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Apr 19 2018

QQ: Delayed-Action Closers on Fire Doors

Category: Door Closers,Quick QuestionLori @ 12:40 am Comments (9)

If this sounds familiar, it may be because I wrote about it back in 2013.  At that time, there wasn’t a clear answer to the question…

Can a delayed-action closer be installed on a fire door? 

A delayed-action closer is self-closing, but holds the door open for a minute or two when the door is opened fully.  This is a function of the valves that control the flow of fluid; it is not an electronic feature.  Installing a delayed-action closer on a fire door with the possibility that the door could stand open for a minute (+/-) before beginning to close, is not one of the things that keeps me up at night.  But because it was not specifically addressed in the model codes, interpretations were inconsistent.

A clarification was added to the 2018 International Building Code (IBC), which provides a solid answer to the question:

716.2.6.5 Delayed-action closers. Doors required to be self-closing and not required to be automatic closing shall be permitted to be equipped with delayed-action closers.

This paragraph is found in Section 716 – Opening Protectives, which means that delayed-action closers CAN be used on fire door assemblies.  Note that this added section does not include a specific limit on the amount of time that the closing cycle can be delayed.

9 Responses to “QQ: Delayed-Action Closers on Fire Doors”

  1. Dave Moyer says:

    I always allowed delayed action closers on fire-rated doors, but am glad to see this clarification will be added to the standard.

    I wrote to you previously about a code consultant who wasn’t inspecting fire-rated doors because the IBC doesn’t require inspections. He followed the requirements of the NFPA 80 standard regarding the installation of fire-rated doors, but he and state officials choose to ignore the inspection requirement in new construction, claiming the inspection isn’t defined as a requirement in IBC and therefore IBC takes precedent. Is this how other areas are also avoiding fire door inspections (except in healthcare)?


    • Lori says:

      Hi Dave –

      In my opinion, if the building code requires fire doors to be installed in accordance with NFPA 80, and the referenced edition of NFPA 80 requires fire doors to be inspected after installation, the inspection is required even if it is not specifically stated in the building code. And if the fire code requires fire doors to be maintained in accordance with NFPA 80, and the referenced edition of NFPA 80 requires fire doors to be inspected annually as part of the maintenance requirements, then the annual inspection is required. I don’t know why some jurisdictions choose to ignore the inspection requirements. It’s not really any extra work for the fire marshal, and it results in a safer building.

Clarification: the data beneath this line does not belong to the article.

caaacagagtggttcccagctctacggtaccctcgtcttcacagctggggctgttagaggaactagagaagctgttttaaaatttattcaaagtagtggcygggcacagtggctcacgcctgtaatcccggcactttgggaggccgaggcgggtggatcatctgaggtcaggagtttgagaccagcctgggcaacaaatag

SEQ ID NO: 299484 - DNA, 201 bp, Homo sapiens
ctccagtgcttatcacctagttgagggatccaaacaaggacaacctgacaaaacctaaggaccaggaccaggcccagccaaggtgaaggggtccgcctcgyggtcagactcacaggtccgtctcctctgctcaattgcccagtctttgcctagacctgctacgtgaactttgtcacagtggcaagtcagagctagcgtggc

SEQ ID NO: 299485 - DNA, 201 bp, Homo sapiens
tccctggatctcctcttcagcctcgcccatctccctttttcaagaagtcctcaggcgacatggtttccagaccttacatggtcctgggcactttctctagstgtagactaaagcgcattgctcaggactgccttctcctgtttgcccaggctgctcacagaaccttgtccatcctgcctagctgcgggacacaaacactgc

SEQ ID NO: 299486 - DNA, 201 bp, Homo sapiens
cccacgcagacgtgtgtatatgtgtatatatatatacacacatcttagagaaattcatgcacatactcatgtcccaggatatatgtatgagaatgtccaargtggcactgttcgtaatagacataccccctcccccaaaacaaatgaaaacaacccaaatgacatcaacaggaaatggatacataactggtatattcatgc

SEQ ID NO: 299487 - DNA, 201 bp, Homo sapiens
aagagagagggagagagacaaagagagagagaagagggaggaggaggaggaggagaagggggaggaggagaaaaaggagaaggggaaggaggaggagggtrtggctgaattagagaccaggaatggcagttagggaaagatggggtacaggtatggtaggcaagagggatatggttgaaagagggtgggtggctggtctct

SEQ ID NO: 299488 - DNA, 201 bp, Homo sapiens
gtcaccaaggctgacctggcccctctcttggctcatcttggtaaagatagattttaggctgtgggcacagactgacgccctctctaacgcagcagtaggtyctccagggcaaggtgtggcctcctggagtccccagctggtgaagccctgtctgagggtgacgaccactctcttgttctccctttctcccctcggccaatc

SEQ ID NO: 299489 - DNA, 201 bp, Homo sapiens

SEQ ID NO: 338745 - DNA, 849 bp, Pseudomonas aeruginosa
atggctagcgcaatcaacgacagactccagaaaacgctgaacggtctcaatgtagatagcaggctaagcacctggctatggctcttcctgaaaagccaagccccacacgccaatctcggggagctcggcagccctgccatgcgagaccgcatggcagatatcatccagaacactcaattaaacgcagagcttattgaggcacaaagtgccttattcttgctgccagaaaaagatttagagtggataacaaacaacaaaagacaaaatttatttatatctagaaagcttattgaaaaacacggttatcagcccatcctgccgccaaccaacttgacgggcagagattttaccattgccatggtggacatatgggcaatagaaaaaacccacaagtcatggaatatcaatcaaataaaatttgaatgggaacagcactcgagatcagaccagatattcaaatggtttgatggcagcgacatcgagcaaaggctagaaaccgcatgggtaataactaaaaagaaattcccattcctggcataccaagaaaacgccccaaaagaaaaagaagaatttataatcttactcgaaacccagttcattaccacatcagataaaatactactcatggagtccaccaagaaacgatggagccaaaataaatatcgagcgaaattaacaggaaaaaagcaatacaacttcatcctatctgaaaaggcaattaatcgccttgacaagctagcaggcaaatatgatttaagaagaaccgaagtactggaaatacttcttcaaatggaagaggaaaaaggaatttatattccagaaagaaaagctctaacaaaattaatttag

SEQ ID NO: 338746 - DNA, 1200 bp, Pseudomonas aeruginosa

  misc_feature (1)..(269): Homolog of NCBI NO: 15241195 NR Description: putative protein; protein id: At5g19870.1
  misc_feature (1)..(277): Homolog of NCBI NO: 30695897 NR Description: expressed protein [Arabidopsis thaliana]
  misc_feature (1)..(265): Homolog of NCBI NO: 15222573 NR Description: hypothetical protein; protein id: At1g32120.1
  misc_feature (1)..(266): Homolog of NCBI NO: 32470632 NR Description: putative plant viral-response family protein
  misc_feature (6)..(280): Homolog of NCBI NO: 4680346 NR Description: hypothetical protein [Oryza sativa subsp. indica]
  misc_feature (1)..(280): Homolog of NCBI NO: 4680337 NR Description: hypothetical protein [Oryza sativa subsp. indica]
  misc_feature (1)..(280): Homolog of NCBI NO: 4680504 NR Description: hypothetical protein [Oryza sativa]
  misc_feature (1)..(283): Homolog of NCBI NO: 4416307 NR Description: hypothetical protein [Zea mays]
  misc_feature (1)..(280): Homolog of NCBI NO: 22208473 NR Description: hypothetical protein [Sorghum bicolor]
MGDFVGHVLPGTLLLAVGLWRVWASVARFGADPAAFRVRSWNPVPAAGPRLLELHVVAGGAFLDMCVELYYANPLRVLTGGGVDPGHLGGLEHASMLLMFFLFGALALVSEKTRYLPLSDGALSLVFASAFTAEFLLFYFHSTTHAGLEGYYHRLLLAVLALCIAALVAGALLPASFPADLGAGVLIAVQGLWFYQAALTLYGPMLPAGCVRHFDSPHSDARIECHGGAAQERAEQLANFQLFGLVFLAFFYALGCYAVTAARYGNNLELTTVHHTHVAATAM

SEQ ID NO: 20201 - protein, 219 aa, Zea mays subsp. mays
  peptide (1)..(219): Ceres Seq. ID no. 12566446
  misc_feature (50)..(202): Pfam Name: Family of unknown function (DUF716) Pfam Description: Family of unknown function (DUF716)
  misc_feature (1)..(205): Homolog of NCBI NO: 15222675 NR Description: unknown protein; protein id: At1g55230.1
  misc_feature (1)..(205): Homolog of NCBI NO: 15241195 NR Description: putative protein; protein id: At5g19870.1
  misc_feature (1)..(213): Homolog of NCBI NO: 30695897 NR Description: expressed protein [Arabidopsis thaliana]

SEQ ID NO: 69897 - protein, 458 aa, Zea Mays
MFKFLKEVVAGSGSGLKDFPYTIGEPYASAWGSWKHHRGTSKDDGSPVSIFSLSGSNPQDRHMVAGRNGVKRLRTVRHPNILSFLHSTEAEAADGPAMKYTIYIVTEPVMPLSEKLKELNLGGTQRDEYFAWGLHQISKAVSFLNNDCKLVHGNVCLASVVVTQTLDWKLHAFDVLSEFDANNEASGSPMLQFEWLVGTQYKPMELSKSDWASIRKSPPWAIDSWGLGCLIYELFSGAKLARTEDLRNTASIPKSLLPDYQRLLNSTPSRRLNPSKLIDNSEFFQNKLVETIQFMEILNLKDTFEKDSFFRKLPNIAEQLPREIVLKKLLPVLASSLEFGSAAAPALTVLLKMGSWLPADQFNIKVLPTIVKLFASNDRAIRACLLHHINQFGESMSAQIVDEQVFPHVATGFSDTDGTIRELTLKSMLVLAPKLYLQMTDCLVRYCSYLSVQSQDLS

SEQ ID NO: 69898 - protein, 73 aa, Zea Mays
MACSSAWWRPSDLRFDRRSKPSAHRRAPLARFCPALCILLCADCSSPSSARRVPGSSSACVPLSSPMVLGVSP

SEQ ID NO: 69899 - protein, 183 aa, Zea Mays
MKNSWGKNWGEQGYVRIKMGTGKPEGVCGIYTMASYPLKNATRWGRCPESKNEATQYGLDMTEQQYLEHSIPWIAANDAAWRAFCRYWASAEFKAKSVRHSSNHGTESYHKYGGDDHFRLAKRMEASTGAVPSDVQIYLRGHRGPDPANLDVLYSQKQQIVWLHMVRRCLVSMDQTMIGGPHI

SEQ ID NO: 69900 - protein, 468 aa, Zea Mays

– Lori

  2. Nolan thrope says:

    Delayed action closers for a few seconds is reasonable. More than 5-10 seconds is to much for any one on any door that I’ve seen

  3. David Scott Kenyon says:

    If a delayed action door closer could keep the door open for a minute ±, the pressue of a fire could possibly deter the closer action. A flashover of a room or space can occur in approximately 3 minutes. Therefore there are variables that exist which do not favor the use of a delayed action closer. My opinion on the code is that is should specify the delayed action time limit. Never-the-less, if there is a fire in a room and the door remains open for any period of time, smoke is release, flames could be released and life safety is jeopardized.

    • Lori says:

      Hi David –

      The code change proposal originally included a time limit of 1 minute, but the ICC Technical Committee recommended removal of the time limit.

      – Lori

  4. David Scott Kenyon says:

    Lori: I appreciate the response!! I guess our PROFESSIONAL OPINIONS DO NOT MATTER! As I am custom to reiterating “Life Sucks and They Keep me Alive” Oh well – I thought my statement was justified.


    • Lori says:

      Your responses are always justified and welcomed. As I’ve learned in the past 5 years, code development is very tricky. A proposal can be disapproved for a hundred different reasons. Sometimes changes get approved that aren’t perfect. At least the industry is trying to directly impact the codes, rather than waiting to see what changes were made by others that affect us.

      – Lori

  5. David Scott Kenyon says:

    Lori: Thanks again for a great response. Earlier this week I received an E-mail from Allegion concerning a news letter and they had the following question to test our knowledge:

    According to the 2016 edition of NFPA 80, which protection plate(s) would require a certification label from a listing laboratory? I answered the question correctly which was the second D – A, B and C. If it was not for your teaching expertise I probably would not have known. Thanks again for everything you bring to may table. You are an incredible knowledgeable lady!!


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